"The overall law of proportionality" by Zeising
In the 19th century a large contribution to development of the theory of proportionality was made by the German scientist Zeising issued the book "Neue Lehre von den Proportionen des menschlichen Korpers" (1854). This one is until now by widely quoted book among the works dedicated to proportionality problem.
Outgoing from the fact that proportion is the ratio of two unequal parts between themselves and to the whole in their perfect combination Zeising formulates the law of proportionality as the following:
"The division of the whole on the unequal parts looked proportional when the ratio of parts of the whole between themselves is the same that the ratio of them to the whole, i.e. that, the ratio, which gives the golden section".
Attempting to prove that all Universe is subjected to this law Zeising tries to find it both in the organic and in the inorganic world.
To confirm this he gives diverse data about ratios of mutual distances between themselves of celestial heavenly bodies (corresponding to the golden section), also he finds the same ratio in the constitution of human body, in the configuration of minerals, in plants, in the sound chords of music, and in the architectural monuments.
By considering of Apollo and Venus statues Zeising finds that at division of the common altitude in the given ratio the line of division passes through natural partitionings of the human body. The first division passes through the navel, the second one through the middle of the neck etc., that is, all sizes of the separate body parts are obtained by the division of the whole in the golden section.
Analyzing a significance of the golden section law in music Zeising shows that the ancient Greeks assigned an aesthetic impression of chords to proportional division of the octave through the arithmetical and harmonic proportion.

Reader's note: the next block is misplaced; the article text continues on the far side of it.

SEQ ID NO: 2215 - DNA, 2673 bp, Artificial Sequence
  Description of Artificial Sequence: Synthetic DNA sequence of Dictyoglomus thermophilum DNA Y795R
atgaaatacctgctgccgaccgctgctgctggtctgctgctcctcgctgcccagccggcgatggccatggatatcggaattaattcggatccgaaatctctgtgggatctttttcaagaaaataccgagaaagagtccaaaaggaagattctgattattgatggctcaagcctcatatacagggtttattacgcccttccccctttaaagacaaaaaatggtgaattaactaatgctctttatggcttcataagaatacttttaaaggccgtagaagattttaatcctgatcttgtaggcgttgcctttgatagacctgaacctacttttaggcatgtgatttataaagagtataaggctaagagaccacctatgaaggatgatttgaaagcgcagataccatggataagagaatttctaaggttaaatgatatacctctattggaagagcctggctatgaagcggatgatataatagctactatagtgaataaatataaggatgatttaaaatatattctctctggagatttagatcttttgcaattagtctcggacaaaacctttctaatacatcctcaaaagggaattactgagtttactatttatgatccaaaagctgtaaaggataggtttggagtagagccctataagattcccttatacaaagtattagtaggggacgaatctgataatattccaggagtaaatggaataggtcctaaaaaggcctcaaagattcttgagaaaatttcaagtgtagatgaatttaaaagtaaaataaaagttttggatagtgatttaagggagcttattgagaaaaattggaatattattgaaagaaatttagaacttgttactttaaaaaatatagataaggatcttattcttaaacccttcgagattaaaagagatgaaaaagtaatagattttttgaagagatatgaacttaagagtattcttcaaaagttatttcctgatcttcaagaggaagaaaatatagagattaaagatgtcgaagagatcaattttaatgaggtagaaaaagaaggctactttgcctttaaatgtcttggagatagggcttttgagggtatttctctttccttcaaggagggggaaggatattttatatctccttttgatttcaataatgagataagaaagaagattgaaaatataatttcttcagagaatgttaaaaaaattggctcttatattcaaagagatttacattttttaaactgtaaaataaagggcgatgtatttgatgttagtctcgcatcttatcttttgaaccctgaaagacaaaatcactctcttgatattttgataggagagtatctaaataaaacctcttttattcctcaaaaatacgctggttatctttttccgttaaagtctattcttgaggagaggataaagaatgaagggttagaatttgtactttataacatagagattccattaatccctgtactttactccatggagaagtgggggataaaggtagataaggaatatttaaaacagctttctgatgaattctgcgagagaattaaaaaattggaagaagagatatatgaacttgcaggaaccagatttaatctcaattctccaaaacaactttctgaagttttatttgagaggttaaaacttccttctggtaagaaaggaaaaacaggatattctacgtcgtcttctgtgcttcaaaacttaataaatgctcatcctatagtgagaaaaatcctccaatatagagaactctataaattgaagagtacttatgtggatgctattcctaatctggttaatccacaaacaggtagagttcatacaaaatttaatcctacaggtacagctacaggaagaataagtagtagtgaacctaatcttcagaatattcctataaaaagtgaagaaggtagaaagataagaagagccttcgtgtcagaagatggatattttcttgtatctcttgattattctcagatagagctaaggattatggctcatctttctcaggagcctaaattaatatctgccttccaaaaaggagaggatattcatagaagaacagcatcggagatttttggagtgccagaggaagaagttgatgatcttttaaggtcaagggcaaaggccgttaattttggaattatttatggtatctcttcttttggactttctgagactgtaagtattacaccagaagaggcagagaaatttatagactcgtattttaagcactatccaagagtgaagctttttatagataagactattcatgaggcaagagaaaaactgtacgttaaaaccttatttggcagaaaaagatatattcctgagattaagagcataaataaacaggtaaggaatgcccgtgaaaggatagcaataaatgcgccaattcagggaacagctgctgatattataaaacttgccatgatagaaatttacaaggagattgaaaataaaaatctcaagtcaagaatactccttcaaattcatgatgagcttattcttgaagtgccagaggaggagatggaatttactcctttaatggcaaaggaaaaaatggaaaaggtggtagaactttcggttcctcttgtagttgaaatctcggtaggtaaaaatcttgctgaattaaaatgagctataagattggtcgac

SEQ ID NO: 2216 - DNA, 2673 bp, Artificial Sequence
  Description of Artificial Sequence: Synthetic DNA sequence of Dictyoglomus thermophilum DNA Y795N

Basing on the fact that only those combinations of tones are beautiful when they are in proportional ratio and that the combination of only two tones does not give a full harmony, Zeising shows that the most pleasant consonances have such combination of tones when the ratio of frequencies included in the chord is close to the golden proportion. For example, the combination of small third with the octave of the main tone corresponds to frequency ratio: 3:5; the combination of the large third with the octave of the main tone gives the frequency ratio: 5:8 (note that the numbers 3, 5, 8 are Fibonacci numbers!).
Further Zeising makes a conclusion that as these two-tone combinations among two-valued combinations are the most pleasant for hearing, it, apparently, explains that fact that only these combinations finish the musical periods. By using this fact Zeising explains why impromptu national melody and simple music of two French or English horns is gone in sixths and their supplements, the thirds.
Zeising pays attention for one curious fact. As is known, the major (man's) and minor (woman's) harmonies are constructed on the basis of the major and minor triad. The major triad constructed on the basis of the large third is a fine consonance since acoustical point of view. This one creates the impression of balance, physical perfection, light, vigor integrated in life by concept of "majority".
The minor triad constructed on the basis of the small third is a consonance, which is incorrect since acoustical point of view. This one creates the impression of the broken sounding and has a nature of gloominess, sadness, weakness integrated in life by concept of "minority".
In this connection Zeising notes that the combination of the octave with the large third of the main tone corresponds to the ratio of the lower and upper parts of man's body, and the combination of the octave with the small third of the main tone corresponds to the ratio of the lower and upper parts of woman's body.
Passing to a significance of the law of proportionality in architecture Zeisung shows that the architecture in the field of arts takes the same place as well as the organic world in the nature inspiring the inert matter on the basis of world's laws. Systematization, symmetry and proportionality thus are its indispensable attributes; it follows from here that the problem on the proportionality laws stands considerably more acute in architecture, than in sculpture or in painting.